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Parallelogram: Sum of the squares of the sides = sum of the squares of the diagonals? 
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#1
Dec1611, 03:32 AM

P: 184

1. The problem statement, all variables and given/known data
Apply the formula for the distance between two points to prove the wellknown theorem: In a parallelogram the sum of the squares of the sides is equal to the sum of the squares of the diagonals. 2. Relevant equations It gave a hint saying to put one of the parallelogram's vertices at the origin. Also, it hinted to keep in mind that xvalues can only be positive in the 1st and 4th quadrants. It says "upon realizing that, the proof of the theorem reduces to checking a simple algebraic identity. Which?" Distance formula is √((x1x2)^2+(y1y2)^2) 3. The attempt at a solution Okay what I know about a parallelogram is that its opposite sides are parallel and its opposite angles are equal. What do they mean by "reduces to checking a simple algebraic identity"? I am lost 


#2
Dec1611, 06:32 AM

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Draw a picture of a parallelogram. One vertex at the origin, and given the coordinates of two other vertexes, how do you get the coordinates of the fourth vertex?
ehild 


#3
Dec1611, 12:19 PM

P: 184

If vertex A is unknown you can use the equations Ax = CxBx and Ay = CyBy If vertex B is unknown, use: Bx = CxAx and By = CyAy If vertex C is unknown, use: Cx = Ax+Bx and Cy = Ay+By The distance squared to the diagonal from the origin to vertex C is given by Cx^2 + Cy^2 and the distance squared of the other diagonal is given by (BxAx)^2 + (ByAy)^2 so we have... Cx^2 + Cy^2 + (BxAx)^2 + (ByAy)^2 = Ax^2 + Ay^2 + Bx^2 + By^2 + (CxAx)^2 + (CyAy)^2 + (BxCx)^2 + (ByCy)^2 Since (CA)^2 = B^2 and (BC) = A^2 we can replace those on the right side of the equation and simplify it to 2A^2 + 2B^2 now we have to simplify the left side of the equation and we can do that by expanding the (BA)^2 parts and replacing C with (A+B) and then expanding which will then cause that side to equal 2A^2 + 2B^2 as well. And that is the solution? I am curious what simple algebraic identity we are checking? 


#4
Dec1611, 04:13 PM

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Parallelogram: Sum of the squares of the sides = sum of the squares of the diagonals?
Looking at the problem more carefully, it is totally wrong. The sum of the squares of the diagonals is twice the sum of the squares of the sides.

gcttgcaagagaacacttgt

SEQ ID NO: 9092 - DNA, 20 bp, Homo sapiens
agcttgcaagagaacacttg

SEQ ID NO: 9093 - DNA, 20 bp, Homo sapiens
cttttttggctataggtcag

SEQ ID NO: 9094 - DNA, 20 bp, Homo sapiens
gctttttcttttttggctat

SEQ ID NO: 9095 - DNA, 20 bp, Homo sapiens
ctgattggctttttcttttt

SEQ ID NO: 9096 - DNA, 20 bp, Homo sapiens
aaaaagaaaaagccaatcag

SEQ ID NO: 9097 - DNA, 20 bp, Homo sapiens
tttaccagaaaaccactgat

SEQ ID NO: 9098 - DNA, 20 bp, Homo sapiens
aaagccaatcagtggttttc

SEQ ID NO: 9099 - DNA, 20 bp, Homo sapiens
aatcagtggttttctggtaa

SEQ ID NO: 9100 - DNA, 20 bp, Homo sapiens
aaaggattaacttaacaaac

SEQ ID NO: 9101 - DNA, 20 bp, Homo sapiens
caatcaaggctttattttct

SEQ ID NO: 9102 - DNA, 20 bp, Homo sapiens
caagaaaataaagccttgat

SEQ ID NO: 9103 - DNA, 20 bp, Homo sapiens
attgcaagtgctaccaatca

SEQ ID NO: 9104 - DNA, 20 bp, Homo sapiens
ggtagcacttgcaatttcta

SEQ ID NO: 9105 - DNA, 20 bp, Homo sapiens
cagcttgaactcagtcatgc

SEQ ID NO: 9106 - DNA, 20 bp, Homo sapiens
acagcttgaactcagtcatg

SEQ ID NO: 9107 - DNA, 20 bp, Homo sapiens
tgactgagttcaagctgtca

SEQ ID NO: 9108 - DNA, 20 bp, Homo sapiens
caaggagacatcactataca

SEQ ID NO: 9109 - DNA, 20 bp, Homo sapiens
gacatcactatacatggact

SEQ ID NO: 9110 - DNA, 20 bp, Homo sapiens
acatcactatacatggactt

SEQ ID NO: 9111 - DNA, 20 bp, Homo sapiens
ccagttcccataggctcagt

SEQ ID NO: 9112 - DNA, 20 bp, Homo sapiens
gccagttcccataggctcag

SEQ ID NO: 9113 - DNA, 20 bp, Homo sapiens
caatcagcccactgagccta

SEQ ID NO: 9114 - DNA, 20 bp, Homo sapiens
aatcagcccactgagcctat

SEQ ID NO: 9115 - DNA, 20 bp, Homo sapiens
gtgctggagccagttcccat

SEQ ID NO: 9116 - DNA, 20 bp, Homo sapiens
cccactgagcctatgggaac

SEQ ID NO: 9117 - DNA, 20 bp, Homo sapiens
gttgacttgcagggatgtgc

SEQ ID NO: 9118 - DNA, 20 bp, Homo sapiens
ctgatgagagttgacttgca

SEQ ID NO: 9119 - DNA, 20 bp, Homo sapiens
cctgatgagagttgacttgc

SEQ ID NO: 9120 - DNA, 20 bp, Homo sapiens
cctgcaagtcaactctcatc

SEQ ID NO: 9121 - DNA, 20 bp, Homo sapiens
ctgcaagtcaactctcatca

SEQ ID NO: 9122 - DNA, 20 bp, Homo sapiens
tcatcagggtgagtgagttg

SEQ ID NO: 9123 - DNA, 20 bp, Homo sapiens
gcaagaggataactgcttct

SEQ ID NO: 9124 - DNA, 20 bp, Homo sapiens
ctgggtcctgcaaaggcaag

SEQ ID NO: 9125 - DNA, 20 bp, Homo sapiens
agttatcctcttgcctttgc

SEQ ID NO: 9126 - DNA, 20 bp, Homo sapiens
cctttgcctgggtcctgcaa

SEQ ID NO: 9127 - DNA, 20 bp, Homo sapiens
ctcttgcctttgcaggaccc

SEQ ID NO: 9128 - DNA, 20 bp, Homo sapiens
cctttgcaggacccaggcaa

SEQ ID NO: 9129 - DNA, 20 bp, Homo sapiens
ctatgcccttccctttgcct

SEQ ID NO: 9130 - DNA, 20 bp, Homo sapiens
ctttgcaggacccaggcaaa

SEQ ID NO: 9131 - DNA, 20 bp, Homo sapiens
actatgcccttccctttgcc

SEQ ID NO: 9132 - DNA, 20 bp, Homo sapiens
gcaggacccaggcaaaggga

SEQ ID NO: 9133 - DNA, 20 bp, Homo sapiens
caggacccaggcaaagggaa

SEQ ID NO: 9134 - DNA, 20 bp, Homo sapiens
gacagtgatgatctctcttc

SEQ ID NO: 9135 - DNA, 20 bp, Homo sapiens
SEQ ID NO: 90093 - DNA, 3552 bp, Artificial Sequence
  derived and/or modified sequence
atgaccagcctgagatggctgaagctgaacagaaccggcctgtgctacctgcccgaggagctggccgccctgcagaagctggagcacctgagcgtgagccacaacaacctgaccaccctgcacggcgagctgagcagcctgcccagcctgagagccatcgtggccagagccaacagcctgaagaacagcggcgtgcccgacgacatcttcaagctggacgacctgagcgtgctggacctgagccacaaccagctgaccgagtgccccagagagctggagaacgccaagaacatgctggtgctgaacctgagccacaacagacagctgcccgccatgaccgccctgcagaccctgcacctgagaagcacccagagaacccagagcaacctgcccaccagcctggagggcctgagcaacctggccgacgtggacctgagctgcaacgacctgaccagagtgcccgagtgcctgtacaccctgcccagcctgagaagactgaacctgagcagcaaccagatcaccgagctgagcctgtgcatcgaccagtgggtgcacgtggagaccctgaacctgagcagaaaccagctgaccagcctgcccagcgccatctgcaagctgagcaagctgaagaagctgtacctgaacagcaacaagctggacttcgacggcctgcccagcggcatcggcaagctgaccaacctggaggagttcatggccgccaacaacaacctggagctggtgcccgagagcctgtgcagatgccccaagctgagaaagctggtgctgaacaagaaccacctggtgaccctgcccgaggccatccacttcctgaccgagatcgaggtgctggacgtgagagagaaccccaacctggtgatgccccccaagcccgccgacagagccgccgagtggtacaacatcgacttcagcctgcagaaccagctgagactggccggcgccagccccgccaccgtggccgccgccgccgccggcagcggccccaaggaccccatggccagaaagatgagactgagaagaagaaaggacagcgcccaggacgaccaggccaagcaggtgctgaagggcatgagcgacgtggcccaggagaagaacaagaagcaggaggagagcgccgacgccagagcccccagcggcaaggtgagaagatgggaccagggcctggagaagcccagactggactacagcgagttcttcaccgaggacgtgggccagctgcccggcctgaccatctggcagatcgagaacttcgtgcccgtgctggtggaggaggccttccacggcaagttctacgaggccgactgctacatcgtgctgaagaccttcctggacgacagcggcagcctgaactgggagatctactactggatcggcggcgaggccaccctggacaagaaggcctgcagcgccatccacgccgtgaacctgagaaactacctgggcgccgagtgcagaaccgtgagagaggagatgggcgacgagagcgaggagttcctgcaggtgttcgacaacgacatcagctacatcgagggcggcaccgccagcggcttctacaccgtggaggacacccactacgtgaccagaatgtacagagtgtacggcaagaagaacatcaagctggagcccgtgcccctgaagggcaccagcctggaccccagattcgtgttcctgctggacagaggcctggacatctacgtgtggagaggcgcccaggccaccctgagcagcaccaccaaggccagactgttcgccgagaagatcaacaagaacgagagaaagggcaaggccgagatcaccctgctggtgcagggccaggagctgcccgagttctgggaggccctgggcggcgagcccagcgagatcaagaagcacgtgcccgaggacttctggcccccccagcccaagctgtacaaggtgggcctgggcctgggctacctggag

It is simpler to derive with vectors. If the origin is one vertex of the parallelogram, [itex]\vec{a}[/itex] and [itex]\vec{b}[/itex] are the two sides. One diagonal is [itex]\vec{d_1}=\vec{a}+\vec{b}[/itex], the other diagonal is [itex]\vec{d_2}=\vec{a}\vec{b}[/itex]. The square of the magnitude of a vector is equal to its scalar product by itself. [itex]d_1^2=\vec{d_1}\cdot \vec{d_1}=(\vec {a}+\vec {b})\cdot(\vec{a}+\vec{b})=\vec a^2+\vec b^2+2\vec a \cdot \vec b[/itex] [itex]d_2^2=(\vec {a}\vec {b})\cdot(\vec{a}\vec{b})=\vec a^2+\vec b^22\vec a \cdot \vec b[/itex] [itex]d_1^2+d_2^2=2 a^2+2 b^2[/itex] If you know the law of cosines, the derivation is even more simple. See: http://mathworld.wolfram.com/Parallelogram.html ehild 


#5
Dec1611, 05:51 PM

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Your working is all correct. You just blundered at interpreting the result. [tex]d_1^2+d_2^2=a^2 + a^2+ b^2 +b^2[/tex] QED 


#6
Dec1711, 02:57 AM

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And that simple algebraic identity can be that (a+b)^{2}+(ab)^{2}=2a^{2}+2b^{2}. 


#7
Dec1711, 03:23 AM

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Any thoughts on the second? 


#8
Dec1711, 08:28 AM

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Do you think I can read the mind of the unknown maker of the problem? I try:
[itex]d_1^2=a^2+b^22ab\cos(\theta)[/itex] [itex]d_2^2=a^2+b^22ab\cos(180\theta)=a^2+b^2+2ab\cos(\theta)[/itex] cos(180θ) =cos(θ), therefore d_{1}^{2}+d_{2}^{2}=2(a^{2}+b^{2}) But then I do not know what is the simple algebraic identity. cos(180θ) =cos(θ) is simple but it is not algebraic? ehild 


#9
Dec1711, 09:37 AM

P: 752

Hello ehild ! You don't have to do so much of calculation. Its just simple coordinate geometry. To OP nickadams : Draw a parallelogram and and mark the coordinates of four vertex  (a,b) , (c,d) .... (g,h) or such like. Then you just apply the distance formula correctly. You will surely get the way out. 


#10
Dec1711, 05:09 PM

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Hi sankalpmittal,
nickadams has solved the problem in post #3. Nascent Oxygen and me are trying to find out what the problem maker meant with his hints. By the way, I think applying the Cosine Law is the simplest solution. ehild 


#11
Dec1711, 08:36 PM

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I think you correctly read the examiner's mind. 


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